This post is sponsored by Mina Harissa, and as per usual, all opinions are my own. Put Eggs Benedictouka on your brunching menu this weekend.
You almost didn’t get to see this recipe.
Not because I was in a tra-la-la-la, I’m-just-not-gonna-post-on-Friday-no-siree-Billy-Bob-Thornton mood.. or because I had sooooo many beeeeetter things to dooooo than post on my bloooog… and not even because I felt like you and I have been spending too much time together and I figured we could use a break.
Seriously, you almost got a scrambled egg smoothie recipe today < – no lie…
(Oh wait, you want to see the scrambled egg smoothie? Don’t worry, that precious moment will get squeezed in here sometime in the near future.)
Yes, you almost didn’t see this recipe, and not because I was trying to punish you with a scrambled egg smoothie, but because I almost ate the star ingredient before it had a chance to become a dish.
That’s the harissa. I almost ate all the harissa off of a spoon.
…And not because, NEWS FLASH, I learned peanut butter is just RIDDLED with calories, and I needed a replacement for my highly needy spoon (and face).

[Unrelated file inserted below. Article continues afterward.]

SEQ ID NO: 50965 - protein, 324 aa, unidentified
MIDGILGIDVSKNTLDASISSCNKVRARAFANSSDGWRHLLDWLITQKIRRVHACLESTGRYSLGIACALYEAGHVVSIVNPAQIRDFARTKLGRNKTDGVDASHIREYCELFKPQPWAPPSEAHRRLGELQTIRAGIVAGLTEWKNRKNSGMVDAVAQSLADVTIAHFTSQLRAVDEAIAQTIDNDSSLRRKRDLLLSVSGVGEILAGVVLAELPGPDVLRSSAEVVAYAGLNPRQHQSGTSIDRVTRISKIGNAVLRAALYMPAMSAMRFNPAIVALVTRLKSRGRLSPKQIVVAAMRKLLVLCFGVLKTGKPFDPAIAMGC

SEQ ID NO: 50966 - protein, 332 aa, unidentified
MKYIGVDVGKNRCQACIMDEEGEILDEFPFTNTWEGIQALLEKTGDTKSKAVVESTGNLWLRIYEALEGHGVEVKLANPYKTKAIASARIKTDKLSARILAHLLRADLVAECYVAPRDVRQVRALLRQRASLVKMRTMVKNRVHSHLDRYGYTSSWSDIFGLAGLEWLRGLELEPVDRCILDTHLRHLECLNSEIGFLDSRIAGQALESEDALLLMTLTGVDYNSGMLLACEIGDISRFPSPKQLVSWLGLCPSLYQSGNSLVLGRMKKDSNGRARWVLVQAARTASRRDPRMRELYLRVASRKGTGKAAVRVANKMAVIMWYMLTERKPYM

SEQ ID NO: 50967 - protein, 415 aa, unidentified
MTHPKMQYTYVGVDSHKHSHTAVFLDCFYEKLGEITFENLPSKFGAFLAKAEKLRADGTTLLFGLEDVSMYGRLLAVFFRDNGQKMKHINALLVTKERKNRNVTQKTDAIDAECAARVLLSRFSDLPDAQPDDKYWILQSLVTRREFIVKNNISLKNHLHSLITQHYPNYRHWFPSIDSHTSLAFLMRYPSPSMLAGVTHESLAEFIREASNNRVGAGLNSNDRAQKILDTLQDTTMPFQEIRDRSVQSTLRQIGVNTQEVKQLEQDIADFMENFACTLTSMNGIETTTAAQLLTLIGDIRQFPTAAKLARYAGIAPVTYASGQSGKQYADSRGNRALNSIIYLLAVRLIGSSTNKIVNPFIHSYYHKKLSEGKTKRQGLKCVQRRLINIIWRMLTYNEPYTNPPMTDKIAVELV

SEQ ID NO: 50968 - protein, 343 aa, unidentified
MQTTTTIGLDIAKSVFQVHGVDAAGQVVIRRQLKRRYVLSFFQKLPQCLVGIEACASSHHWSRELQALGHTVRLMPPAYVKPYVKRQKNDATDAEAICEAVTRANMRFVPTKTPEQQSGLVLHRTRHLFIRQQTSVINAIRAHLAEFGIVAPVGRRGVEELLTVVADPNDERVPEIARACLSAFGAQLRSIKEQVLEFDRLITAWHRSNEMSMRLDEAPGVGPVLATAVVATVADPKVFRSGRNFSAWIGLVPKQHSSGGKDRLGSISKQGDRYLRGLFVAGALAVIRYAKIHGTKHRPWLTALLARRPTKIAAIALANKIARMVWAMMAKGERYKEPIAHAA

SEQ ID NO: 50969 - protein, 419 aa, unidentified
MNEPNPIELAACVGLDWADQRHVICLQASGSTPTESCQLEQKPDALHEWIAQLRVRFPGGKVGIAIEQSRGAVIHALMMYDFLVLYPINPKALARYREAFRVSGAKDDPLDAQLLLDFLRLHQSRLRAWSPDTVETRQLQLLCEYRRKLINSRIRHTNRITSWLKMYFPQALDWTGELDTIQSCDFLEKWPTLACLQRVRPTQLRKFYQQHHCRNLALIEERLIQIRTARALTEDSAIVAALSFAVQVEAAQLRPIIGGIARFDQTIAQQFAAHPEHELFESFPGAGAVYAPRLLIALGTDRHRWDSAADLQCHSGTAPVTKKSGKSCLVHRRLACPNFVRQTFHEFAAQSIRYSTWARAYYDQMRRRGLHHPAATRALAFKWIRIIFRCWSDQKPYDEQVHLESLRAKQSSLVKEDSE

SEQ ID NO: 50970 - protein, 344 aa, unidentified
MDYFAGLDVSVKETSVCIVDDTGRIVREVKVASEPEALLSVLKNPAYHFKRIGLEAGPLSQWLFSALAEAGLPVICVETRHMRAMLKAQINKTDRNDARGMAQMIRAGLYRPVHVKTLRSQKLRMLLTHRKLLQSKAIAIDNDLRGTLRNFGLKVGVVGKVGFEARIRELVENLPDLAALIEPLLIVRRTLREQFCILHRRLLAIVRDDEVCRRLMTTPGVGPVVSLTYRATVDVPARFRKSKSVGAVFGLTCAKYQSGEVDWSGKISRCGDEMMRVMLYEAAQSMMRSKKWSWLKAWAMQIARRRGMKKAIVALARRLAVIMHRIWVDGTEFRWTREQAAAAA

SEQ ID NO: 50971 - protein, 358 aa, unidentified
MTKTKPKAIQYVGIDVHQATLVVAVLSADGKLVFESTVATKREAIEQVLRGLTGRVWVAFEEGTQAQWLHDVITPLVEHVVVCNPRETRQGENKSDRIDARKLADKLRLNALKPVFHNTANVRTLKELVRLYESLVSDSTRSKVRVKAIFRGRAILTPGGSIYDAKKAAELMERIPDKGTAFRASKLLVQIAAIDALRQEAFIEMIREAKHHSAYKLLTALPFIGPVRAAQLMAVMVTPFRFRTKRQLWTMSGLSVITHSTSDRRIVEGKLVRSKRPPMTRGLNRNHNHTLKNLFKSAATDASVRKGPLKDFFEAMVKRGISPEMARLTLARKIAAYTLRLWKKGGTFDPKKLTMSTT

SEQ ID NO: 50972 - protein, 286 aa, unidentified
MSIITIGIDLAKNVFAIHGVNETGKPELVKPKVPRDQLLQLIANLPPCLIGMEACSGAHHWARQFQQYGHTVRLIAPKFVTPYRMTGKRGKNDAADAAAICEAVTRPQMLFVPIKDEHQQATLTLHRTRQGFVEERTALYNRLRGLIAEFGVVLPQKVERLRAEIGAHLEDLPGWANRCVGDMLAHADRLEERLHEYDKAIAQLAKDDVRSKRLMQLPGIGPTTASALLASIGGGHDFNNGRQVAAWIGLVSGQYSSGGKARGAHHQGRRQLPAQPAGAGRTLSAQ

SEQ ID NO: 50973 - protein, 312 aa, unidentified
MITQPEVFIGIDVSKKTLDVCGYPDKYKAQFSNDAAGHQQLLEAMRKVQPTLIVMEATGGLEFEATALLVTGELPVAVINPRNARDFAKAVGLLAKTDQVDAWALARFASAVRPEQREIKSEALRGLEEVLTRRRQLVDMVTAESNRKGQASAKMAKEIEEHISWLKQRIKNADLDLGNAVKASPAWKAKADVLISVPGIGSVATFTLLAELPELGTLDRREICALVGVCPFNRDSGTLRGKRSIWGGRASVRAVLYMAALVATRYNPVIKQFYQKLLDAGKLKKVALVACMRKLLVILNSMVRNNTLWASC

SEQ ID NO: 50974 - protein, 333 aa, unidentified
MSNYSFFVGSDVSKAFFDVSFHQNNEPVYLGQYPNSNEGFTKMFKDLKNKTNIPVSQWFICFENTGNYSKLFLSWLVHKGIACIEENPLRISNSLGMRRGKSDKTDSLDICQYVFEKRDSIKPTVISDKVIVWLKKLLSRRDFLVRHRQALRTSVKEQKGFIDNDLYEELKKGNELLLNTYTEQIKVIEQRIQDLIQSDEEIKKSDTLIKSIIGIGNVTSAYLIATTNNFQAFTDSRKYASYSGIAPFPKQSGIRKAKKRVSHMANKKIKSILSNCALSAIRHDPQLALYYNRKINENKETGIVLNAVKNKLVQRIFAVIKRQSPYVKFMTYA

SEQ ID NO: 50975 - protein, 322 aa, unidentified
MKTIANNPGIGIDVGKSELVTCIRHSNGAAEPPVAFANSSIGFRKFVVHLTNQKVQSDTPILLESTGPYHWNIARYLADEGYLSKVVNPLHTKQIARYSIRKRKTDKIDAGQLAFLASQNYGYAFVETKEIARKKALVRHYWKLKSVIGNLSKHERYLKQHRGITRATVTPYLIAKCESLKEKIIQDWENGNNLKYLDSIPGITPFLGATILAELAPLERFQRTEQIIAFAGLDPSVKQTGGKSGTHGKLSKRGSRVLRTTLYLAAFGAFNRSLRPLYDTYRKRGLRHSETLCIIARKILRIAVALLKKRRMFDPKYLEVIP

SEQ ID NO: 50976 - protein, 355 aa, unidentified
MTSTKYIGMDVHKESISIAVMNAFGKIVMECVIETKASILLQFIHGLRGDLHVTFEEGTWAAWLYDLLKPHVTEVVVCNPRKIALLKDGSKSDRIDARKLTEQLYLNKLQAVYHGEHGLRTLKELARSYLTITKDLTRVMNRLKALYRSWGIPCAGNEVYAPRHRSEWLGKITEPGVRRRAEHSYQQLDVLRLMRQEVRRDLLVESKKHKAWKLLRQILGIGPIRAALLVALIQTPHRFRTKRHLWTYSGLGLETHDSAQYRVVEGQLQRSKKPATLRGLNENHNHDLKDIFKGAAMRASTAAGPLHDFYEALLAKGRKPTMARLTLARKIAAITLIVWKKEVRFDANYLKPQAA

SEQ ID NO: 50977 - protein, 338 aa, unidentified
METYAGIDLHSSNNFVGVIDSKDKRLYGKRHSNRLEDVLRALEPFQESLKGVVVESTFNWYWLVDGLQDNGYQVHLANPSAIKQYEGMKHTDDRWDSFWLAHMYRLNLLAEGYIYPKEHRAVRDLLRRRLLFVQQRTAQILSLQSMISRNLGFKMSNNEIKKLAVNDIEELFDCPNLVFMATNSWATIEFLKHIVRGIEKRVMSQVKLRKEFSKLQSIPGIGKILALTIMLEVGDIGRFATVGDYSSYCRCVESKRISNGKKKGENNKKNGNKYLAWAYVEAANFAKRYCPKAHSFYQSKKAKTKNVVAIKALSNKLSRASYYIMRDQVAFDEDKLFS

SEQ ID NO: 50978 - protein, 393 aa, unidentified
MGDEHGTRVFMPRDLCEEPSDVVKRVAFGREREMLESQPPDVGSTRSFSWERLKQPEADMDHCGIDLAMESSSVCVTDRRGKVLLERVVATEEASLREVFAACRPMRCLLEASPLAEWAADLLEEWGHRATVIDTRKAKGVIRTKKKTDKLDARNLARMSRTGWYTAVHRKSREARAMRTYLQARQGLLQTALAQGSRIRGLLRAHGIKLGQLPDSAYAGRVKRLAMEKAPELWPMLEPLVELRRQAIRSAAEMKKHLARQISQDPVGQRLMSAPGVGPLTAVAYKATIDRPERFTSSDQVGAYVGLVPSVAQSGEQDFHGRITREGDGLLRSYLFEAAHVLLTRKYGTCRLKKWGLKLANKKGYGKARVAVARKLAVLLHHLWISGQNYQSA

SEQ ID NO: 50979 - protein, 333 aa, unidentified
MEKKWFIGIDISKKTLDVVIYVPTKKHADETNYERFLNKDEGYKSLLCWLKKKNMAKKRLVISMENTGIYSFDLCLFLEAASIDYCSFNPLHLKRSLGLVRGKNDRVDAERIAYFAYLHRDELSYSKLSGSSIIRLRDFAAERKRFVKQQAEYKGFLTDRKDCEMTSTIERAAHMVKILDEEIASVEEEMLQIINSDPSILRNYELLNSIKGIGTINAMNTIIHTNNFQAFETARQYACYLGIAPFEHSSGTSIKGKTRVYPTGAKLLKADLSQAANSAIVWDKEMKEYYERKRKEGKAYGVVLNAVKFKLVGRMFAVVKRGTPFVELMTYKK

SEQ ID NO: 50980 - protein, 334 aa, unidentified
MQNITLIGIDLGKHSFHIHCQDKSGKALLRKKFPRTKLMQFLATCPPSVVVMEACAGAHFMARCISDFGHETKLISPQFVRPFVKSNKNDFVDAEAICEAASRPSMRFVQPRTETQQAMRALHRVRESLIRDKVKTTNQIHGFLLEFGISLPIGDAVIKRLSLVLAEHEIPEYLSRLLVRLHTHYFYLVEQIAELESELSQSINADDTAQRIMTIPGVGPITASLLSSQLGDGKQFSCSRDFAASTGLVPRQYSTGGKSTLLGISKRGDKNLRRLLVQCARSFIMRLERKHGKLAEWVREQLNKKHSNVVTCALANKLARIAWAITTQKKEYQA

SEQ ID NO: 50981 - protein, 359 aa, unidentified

…but because harissa is sinfully delicious…even on a spoon…especially on a spoon…particularly on a spoon with peanut butter.
Where was I?
Just look at this skillet.
How could I not show you something this warm and cozy for your trendy hipster brunch this weekend?
Because, you really, really need this for your trendy hipster brunch. It goes exceptionally well with harissa bloody marys, juuuuust putting that on the brunch table.
Slap some-uh-dis on your English muffin and call it Eggs Benedictouka.
Should we maaaaybe address the elephant in the room?
Shakshouka < – the elephant. What exaaaaactly is it? Shakshouka is a traditional Tunisian dish made with eggs poached in stewed tomatoes, chilies, onion, and ground cumin. It’s typically served for breakfast or lunch, and is also made in a number of North African countries. It’s particularly marvelous with harissa paste swaddled all up in it. Although it isn’t traditional to add mushrooms or kale to shakshouka, I did so anyway, which gave the dish a hearty oomph.
Oh wait, what’s harissa?
Harissa is a paste made with chili peppers, bell peppers, garlic, and vinegar. It’s widely used in North African cuisine. Like any chili-based sauce or paste, harissa can be made mild or spicy.
Stacked food. It’s like Jenga, but in edible-form.
Shredded chicklet cauli rice ‘rito bowls in the hizzle.
It’s Monday. Have some celery root.
Your ego needs stroking. Make this ice cream and feed it to everyone.
Kale, cherries, and pea shoots, oh my!